FCC orders ISPs to display labels that clearly indicate speeds and itemized charges

Internet service providers (ISP) will soon have to be a lot more transparent about what their subscriptions entail and how much they actually cost. The Federal Communications Commission (FCC) has introduced new rules requiring ISPs to display easy-to-read and understand labels that show important facts about their products at the point of sale. These labels will resemble the nutrition labels on the back of foods and should include the price, speed, data limits and other aspects of a company’s wired and wireless internet services.

FCC

FCC

In a statement, FCC Chair Jessica Rosenworcel said that by requiring companies to clearly display their rates, the agency is “trying to end the kind of unexpected fees and unwanted charges that can be buried in lengthy and mind-numbingly confusing statements from terms and condition.” As you can see from the FCC’s example above, carriers will need to itemize each one-time and monthly fee you’ll be required to pay.

The FCC will require providers to prominently display these labels on their main purchase pages and in proximity to an associated subscription ad. They cannot be hidden behind multiple clicks and cannot be camouflaged by other elements on the page that are likely to miss them. The labels should also be accessible from your customer account portal and the provider should provide you with a copy when requested. In addition, the FCC requires broadband companies to make the labels machine-readable so that third-party developers can easily create tools that make it easier to compare ISPs.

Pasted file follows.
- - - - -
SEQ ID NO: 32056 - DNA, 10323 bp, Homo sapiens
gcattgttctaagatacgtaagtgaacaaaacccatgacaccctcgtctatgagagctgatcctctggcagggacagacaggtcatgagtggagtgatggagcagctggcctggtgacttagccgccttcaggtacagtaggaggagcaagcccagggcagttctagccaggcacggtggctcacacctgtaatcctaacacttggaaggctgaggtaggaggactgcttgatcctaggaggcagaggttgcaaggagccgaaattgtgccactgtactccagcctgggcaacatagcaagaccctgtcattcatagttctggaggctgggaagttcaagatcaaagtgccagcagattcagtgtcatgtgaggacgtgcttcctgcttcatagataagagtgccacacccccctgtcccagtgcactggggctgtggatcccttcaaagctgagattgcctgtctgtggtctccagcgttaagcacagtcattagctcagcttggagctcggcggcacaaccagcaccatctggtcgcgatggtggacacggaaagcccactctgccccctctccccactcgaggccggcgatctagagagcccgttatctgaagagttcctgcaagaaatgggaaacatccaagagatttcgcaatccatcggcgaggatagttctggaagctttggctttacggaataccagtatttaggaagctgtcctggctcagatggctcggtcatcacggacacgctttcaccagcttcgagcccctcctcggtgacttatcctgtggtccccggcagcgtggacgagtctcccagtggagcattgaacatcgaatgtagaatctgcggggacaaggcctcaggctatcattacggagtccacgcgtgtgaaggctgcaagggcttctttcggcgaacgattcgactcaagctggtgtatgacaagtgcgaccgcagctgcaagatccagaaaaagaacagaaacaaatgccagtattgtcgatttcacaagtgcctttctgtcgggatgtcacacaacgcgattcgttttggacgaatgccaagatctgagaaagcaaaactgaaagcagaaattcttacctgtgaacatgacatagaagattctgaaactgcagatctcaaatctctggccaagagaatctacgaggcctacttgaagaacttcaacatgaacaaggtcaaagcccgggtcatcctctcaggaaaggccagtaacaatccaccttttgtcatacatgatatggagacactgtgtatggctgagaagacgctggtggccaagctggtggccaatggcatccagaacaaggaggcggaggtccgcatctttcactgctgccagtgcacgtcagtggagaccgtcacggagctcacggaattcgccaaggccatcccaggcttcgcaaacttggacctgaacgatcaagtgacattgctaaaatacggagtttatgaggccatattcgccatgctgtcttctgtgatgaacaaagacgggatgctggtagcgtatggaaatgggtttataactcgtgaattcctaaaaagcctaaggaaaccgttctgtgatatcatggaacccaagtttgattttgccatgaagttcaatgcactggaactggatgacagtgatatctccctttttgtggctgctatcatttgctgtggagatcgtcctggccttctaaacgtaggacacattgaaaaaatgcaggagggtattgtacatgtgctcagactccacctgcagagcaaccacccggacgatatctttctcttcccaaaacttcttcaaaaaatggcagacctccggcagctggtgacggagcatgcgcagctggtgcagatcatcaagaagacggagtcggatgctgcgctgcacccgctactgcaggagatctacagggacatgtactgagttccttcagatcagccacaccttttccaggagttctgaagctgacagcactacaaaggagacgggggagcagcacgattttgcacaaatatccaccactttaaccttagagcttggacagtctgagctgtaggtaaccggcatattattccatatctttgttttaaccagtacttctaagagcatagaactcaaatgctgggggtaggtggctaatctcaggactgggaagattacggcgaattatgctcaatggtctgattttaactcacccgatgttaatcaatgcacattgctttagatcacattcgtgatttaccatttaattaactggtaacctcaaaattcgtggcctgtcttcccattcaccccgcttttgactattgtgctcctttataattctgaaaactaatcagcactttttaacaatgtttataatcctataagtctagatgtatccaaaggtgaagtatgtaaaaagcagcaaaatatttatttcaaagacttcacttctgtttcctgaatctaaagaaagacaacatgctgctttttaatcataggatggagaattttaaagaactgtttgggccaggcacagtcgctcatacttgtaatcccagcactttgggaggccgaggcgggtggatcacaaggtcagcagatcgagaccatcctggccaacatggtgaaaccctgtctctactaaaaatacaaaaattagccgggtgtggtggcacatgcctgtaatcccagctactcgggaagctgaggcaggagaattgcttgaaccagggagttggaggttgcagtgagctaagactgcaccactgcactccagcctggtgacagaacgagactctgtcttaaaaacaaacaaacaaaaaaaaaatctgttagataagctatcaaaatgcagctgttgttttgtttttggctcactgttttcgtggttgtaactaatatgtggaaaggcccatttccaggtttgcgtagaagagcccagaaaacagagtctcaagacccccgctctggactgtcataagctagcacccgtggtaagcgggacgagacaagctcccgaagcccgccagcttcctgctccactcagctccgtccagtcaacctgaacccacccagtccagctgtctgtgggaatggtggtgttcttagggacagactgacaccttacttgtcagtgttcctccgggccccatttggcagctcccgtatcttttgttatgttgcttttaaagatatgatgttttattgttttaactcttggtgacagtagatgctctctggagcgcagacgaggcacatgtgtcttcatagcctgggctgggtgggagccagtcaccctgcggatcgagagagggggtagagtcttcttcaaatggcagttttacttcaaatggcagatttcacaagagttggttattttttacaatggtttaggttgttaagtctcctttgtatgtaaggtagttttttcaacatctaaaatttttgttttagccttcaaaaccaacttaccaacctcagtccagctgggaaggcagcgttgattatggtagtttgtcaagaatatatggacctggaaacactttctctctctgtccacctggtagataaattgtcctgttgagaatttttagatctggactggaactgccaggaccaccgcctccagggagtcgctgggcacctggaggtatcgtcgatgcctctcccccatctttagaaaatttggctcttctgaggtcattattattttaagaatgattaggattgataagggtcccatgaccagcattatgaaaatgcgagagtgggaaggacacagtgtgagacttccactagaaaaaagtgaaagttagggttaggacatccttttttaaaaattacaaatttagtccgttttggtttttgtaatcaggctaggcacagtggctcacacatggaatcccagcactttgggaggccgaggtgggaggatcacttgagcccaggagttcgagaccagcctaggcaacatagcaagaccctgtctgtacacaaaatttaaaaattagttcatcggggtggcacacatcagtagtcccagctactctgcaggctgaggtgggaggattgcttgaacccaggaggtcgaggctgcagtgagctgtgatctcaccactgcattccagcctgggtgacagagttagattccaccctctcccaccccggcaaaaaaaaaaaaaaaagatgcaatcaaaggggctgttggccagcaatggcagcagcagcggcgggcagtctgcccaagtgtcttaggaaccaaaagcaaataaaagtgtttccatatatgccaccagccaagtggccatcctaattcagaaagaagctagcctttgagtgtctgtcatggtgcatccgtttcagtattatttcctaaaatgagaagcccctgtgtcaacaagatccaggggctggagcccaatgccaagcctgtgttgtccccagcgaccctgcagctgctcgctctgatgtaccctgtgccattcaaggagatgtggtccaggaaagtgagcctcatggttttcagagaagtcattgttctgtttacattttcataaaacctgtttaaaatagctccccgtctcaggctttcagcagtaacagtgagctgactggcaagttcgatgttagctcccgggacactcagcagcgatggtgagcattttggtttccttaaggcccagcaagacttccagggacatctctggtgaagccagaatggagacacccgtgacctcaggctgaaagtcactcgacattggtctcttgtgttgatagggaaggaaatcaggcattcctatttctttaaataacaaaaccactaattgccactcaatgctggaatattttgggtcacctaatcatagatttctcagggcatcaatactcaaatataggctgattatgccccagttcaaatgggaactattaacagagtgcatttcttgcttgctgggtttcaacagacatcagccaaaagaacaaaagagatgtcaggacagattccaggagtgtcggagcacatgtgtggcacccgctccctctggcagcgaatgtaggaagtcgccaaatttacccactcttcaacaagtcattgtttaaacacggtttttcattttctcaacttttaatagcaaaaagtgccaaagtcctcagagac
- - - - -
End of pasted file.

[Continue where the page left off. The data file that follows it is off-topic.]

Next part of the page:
The committee already proposed rules for broadband labels in January in response to the Infrastructure Investment and Jobs Act that President Biden signed last year. After the Office of Management and Budget under the Paperwork Reduction Act reviews and approves the FCC’s requirements, ISPs have six months (or a year, if they are a smaller company) to comply.

All products recommended by Engadget are selected by our editorial team, independent from our parent company. Some of our stories contain affiliate links. If you purchase something through one of these links, we may earn an affiliate commission. All prices are correct at time of publication.

Add Comment